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Pedigree Dogs > Border Collie

Breed Information

 

The Border Collie is a herding dog breed developed in the Anglo-Scottish border region for herding livestock, especially sheep.

Typically extremely energetic, acrobatic, and athletic, they frequently compete with great success in dog sports, in addition to their success in sheepdog trials, and are often cited as the most intelligent of all dogs. In January 2011, a Border Collie was reported to have learned 1,022 words, and acts consequently to human citation of those words.

In general, Border Collies are medium-sized dogs without extreme physical characteristics and with a moderate amount of coat, which is often thick and frequently sheds. Their double coats vary from slick to lush, and come in many colours, although black and white is the most common. Black tricolour (black/tan/white or sable and white), red (chocolate) and white, and red tricolour (red/tan/white) also occur regularly, with other colours such as blue, lilac, red merle, blue merle, brindle, and "Australian red"/gold seen less frequently. Border Collies may also have single-colour coats.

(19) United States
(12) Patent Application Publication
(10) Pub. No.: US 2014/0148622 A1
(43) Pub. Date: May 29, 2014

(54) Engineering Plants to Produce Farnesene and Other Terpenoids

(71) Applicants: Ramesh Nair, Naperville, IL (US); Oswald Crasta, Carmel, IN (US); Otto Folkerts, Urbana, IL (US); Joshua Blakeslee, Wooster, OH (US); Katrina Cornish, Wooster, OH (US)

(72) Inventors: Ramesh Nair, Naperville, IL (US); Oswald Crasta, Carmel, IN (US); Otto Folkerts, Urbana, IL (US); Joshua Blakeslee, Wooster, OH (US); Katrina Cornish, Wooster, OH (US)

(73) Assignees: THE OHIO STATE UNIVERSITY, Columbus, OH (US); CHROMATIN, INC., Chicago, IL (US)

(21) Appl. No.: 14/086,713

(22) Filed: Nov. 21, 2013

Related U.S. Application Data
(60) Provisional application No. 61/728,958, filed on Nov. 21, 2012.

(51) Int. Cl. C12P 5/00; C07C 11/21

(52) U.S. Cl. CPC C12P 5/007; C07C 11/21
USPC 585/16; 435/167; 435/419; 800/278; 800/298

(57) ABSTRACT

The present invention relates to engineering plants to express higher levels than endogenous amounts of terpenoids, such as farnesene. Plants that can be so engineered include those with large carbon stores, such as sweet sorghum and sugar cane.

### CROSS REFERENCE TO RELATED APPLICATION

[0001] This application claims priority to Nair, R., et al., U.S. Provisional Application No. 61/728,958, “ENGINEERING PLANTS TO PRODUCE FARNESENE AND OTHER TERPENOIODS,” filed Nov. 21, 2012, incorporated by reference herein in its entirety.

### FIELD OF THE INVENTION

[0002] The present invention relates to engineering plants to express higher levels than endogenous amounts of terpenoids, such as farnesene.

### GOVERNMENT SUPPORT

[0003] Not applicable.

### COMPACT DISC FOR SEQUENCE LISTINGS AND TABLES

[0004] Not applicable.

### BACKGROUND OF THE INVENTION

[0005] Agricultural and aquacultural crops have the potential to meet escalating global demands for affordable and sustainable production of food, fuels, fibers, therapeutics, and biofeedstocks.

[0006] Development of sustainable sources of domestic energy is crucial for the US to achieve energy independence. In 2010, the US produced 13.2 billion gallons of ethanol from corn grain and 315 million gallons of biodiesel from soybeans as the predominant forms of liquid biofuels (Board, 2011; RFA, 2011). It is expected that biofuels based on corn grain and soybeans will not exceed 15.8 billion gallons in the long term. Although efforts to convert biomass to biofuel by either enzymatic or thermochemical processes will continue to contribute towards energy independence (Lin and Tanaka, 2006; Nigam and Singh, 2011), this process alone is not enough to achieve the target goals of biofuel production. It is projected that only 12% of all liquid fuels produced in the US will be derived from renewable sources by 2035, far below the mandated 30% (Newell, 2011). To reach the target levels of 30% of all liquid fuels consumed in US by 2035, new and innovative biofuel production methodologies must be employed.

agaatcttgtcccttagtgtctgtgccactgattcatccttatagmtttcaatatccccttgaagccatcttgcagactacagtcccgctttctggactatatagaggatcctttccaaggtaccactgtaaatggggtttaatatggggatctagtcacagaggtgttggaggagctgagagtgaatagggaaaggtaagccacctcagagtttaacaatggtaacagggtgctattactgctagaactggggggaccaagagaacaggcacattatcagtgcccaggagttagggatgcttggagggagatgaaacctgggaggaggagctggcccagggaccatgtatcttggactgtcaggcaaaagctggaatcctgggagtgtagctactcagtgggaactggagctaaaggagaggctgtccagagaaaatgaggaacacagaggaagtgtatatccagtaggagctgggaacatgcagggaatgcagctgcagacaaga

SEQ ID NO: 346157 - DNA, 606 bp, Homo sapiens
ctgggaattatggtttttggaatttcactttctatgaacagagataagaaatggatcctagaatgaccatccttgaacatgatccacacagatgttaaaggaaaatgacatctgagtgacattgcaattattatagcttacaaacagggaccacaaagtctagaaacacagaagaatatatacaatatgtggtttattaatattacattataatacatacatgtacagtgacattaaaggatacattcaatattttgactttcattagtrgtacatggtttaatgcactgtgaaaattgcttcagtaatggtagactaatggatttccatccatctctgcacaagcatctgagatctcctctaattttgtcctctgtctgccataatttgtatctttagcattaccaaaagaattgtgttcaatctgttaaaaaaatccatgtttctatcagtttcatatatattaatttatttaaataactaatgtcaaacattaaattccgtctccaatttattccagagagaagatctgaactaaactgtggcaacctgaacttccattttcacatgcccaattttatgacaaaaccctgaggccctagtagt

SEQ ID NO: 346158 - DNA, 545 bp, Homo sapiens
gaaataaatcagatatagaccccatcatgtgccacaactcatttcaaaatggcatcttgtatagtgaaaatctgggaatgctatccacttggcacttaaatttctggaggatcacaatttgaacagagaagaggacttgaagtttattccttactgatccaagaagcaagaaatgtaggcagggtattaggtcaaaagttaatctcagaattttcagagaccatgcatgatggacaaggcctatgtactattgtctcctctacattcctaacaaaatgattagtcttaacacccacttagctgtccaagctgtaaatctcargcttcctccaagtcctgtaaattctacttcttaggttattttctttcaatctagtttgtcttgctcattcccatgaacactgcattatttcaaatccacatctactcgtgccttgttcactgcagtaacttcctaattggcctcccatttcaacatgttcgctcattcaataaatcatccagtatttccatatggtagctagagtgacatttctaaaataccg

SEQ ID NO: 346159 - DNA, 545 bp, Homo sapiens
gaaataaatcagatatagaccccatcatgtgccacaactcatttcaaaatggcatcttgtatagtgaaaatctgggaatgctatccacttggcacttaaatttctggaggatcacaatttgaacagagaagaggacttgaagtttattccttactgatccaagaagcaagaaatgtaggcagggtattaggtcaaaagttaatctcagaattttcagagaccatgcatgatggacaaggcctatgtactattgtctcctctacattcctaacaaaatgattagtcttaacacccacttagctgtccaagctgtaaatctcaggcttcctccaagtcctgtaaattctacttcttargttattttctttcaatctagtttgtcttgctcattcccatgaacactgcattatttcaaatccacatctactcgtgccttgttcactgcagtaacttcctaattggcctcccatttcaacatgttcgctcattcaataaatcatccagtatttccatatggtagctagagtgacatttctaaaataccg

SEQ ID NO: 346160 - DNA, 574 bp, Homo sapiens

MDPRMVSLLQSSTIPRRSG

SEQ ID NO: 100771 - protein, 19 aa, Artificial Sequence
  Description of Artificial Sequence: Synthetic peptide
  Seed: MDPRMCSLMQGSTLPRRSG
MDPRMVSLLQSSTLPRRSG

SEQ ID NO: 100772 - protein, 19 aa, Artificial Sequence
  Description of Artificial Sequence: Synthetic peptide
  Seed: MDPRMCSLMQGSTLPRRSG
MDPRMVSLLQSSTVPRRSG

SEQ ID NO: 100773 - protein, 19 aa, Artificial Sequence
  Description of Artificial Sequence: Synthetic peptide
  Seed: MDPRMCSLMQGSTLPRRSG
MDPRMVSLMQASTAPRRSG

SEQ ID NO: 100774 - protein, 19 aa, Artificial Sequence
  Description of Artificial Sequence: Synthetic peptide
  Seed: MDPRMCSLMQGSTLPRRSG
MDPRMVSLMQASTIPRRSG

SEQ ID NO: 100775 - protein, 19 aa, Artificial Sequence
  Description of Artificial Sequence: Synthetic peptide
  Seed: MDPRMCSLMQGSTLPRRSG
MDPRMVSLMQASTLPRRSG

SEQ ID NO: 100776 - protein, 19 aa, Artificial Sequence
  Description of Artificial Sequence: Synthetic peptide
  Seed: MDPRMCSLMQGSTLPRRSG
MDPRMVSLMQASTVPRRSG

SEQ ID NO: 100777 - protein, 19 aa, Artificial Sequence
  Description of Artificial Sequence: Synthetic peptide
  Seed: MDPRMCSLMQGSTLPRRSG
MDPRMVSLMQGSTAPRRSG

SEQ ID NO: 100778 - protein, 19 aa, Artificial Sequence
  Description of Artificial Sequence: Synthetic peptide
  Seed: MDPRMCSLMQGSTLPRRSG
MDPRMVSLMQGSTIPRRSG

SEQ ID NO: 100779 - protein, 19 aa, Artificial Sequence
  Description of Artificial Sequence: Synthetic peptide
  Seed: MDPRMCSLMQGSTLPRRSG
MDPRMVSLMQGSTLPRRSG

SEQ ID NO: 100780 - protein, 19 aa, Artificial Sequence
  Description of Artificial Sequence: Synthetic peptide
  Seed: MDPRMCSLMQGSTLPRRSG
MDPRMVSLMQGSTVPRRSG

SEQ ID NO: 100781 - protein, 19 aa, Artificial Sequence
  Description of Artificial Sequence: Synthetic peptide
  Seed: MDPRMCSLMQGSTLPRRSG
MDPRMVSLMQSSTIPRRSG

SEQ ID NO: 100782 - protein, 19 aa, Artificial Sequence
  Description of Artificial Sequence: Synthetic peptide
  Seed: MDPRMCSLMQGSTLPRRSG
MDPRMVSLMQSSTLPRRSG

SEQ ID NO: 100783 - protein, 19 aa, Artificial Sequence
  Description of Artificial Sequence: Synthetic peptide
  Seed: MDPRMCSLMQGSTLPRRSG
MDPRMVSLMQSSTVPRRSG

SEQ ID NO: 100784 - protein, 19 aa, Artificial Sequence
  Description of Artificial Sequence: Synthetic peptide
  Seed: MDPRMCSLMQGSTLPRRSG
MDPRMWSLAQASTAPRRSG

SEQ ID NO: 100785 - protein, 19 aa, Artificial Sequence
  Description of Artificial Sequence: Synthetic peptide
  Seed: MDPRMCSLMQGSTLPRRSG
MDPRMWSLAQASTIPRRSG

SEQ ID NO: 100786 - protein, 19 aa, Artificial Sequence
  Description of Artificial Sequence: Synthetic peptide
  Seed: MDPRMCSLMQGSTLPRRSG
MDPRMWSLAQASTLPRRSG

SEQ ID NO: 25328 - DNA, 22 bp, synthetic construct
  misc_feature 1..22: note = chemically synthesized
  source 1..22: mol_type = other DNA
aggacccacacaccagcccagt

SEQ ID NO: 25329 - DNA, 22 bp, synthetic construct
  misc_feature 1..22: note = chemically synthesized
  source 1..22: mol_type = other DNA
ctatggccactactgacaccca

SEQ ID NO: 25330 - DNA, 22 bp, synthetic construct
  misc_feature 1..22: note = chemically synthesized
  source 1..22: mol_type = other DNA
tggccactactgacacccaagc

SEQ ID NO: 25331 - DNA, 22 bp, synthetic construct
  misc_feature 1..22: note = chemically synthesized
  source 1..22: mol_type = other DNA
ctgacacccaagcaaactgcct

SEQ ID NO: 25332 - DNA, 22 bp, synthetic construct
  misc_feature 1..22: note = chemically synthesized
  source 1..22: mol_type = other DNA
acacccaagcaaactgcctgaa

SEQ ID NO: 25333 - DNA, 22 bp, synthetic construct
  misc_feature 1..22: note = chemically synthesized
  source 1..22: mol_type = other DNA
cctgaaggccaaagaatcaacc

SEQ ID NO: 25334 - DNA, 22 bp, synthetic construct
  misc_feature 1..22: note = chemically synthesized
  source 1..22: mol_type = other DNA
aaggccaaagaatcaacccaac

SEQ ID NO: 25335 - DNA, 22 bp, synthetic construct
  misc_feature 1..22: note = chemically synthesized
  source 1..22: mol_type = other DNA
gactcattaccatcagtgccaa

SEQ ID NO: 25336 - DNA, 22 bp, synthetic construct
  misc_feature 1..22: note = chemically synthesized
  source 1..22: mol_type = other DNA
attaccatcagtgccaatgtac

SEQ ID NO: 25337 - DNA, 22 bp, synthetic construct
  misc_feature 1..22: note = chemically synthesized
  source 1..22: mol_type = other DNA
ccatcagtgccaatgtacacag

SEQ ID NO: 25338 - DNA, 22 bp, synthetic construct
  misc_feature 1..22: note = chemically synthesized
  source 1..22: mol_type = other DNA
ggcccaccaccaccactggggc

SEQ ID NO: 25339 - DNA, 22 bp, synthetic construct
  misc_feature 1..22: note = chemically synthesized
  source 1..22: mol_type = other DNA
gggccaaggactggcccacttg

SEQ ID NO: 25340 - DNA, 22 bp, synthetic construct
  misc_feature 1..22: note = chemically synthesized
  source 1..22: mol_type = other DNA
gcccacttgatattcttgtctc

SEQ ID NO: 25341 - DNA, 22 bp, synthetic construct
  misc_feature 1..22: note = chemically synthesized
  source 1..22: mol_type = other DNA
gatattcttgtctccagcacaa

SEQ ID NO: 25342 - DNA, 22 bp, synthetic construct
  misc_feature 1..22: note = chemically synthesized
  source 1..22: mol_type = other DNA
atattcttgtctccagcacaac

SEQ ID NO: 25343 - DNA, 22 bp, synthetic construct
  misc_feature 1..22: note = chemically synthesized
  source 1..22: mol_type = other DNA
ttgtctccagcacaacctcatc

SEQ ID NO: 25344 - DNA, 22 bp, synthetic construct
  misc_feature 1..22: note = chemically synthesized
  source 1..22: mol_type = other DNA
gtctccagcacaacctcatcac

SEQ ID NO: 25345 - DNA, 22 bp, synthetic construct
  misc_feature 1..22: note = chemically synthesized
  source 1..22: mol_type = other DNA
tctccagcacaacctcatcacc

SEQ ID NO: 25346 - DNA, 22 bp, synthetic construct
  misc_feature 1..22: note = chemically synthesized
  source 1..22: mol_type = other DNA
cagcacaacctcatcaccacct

Height at withers: Males from 19 to 22 in (48 to 56 cm), females from 18 to 21 in (46 to 53 cm).

Border Collies require considerable daily physical exercise and mental stimulation. If an individual is unable to provide his or her dog with plenty of exercise and mental stimulation, the border collie is not the dog to choose.

True to their working heritage, Border Collies make very demanding, energetic pets that are better off in households that can provide them with plenty of play and exercise with humans or other dogs. Due to their demanding personalities and need for mental stimulation and exercise, many border collies develop neurotic behaviors in households that are not able to provide for their needs. They are infamous for chewing holes in walls, biting and chewing on furniture such as chairs and table legs and digging holes out of boredom. As a result, an alarming number of border collies end up in shelters and rescues every year. One of the prime reasons for getting rid of a border collie is their unsuitability for families with small children, cats, and other dogs, due to their intense desire to herd; this was bred into them for hundreds of years and still one of their chief uses outside the household.

The natural life span of the Border Collie is between 10 and 17 years, with an average lifespan of twelve years.

 

 

       

 

 

 

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